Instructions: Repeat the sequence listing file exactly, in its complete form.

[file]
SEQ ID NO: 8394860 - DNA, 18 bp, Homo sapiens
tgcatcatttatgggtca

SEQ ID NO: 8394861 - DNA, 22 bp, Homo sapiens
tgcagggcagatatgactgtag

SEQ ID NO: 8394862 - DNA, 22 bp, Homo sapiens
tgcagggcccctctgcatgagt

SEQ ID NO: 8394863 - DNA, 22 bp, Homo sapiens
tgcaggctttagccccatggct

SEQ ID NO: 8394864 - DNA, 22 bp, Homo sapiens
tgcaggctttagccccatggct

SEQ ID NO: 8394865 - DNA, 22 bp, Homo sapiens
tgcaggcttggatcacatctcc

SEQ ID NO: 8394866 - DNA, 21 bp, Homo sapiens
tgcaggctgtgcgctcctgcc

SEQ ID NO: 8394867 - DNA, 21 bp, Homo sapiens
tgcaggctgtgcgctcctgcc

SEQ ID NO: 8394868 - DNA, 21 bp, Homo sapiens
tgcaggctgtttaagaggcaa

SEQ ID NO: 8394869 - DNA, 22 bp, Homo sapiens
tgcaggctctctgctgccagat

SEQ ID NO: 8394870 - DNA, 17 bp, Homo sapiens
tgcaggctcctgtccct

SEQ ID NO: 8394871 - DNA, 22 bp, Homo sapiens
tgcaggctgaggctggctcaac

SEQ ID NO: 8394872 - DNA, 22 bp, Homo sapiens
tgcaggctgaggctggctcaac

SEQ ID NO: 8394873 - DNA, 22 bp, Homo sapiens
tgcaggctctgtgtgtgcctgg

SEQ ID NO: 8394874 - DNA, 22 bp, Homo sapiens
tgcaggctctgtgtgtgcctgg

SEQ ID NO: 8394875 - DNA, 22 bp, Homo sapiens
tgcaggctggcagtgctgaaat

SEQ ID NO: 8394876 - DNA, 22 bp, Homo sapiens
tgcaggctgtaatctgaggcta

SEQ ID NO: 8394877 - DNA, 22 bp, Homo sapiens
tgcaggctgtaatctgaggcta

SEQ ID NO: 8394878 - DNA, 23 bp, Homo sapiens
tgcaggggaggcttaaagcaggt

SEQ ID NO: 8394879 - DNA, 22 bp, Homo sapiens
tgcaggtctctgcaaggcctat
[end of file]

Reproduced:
SEQ ID NO: 8394860 - DNA, 18 bp, Homo sapiens
tgcatcatttatgggtca

SEQ ID NO: 8394861 - DNA, 22 bp, Homo sapiens
tgcagggcagatatgactgtag

SEQ ID NO: 8394862 - DNA, 22 bp, Homo sapiens
tgcagggcccctctgcatgagt

SEQ ID NO: 8394863 - DNA, 22 bp, Homo sapiens
tgcaggctttagccccatggct

SEQ ID NO: 8394864 - DNA, 22 bp, Homo sapiens
tgcaggctttagccccatggct

SEQ ID NO: 8394865 - DNA, 22 bp, Homo sapiens
tgcaggcttggatcacatctcc

SEQ ID NO: 8394866 - DNA, 21 bp, Homo sapiens
tgcaggctgtgcgctcctgcc

SEQ ID NO: 8394867 - DNA, 21 bp, Homo sapiens
tgcaggctgtgcgctcctgcc

SEQ ID NO: 8394868 - DNA, 21 bp, Homo sapiens
tgcaggctgtttaagaggcaa

SEQ ID NO: 8394869 - DNA, 22 bp, Homo sapiens
tgcaggctctctgctgccagat

SEQ ID NO: 8394870 - DNA, 17 bp, Homo sapiens
tgcaggctcctgtccct

SEQ ID NO: 8394871 - DNA, 22 bp, Homo sapiens
tgcaggctgaggctggctcaac

SEQ ID NO: 8394872 - DNA, 22 bp, Homo sapiens
tgcaggctgaggctggctcaac

SEQ ID NO: 8394873 - DNA, 22 bp, Homo sapiens
tgcaggctctgtgtgtgcctgg

SEQ ID NO: 8394874 - DNA, 22 bp, Homo sapiens
tgcaggctctgtgtgtgcctgg

SEQ ID NO: 8394875 - DNA, 22 bp, Homo sapiens
tgcaggctggcagtgctgaaat

SEQ ID NO: 8394876 - DNA, 22 bp, Homo sapiens
tgcaggctgtaatctgaggcta

SEQ ID NO: 8394877 - DNA, 22 bp, Homo sapiens
tgcaggctgtaatctgaggcta

SEQ ID NO: 8394878 - DNA, 23 bp, Homo sapiens
tgcaggggaggcttaaagcaggt

SEQ ID NO: 8394879 - DNA, 22 bp, Homo sapiens
tgcaggtctctgcaaggcctat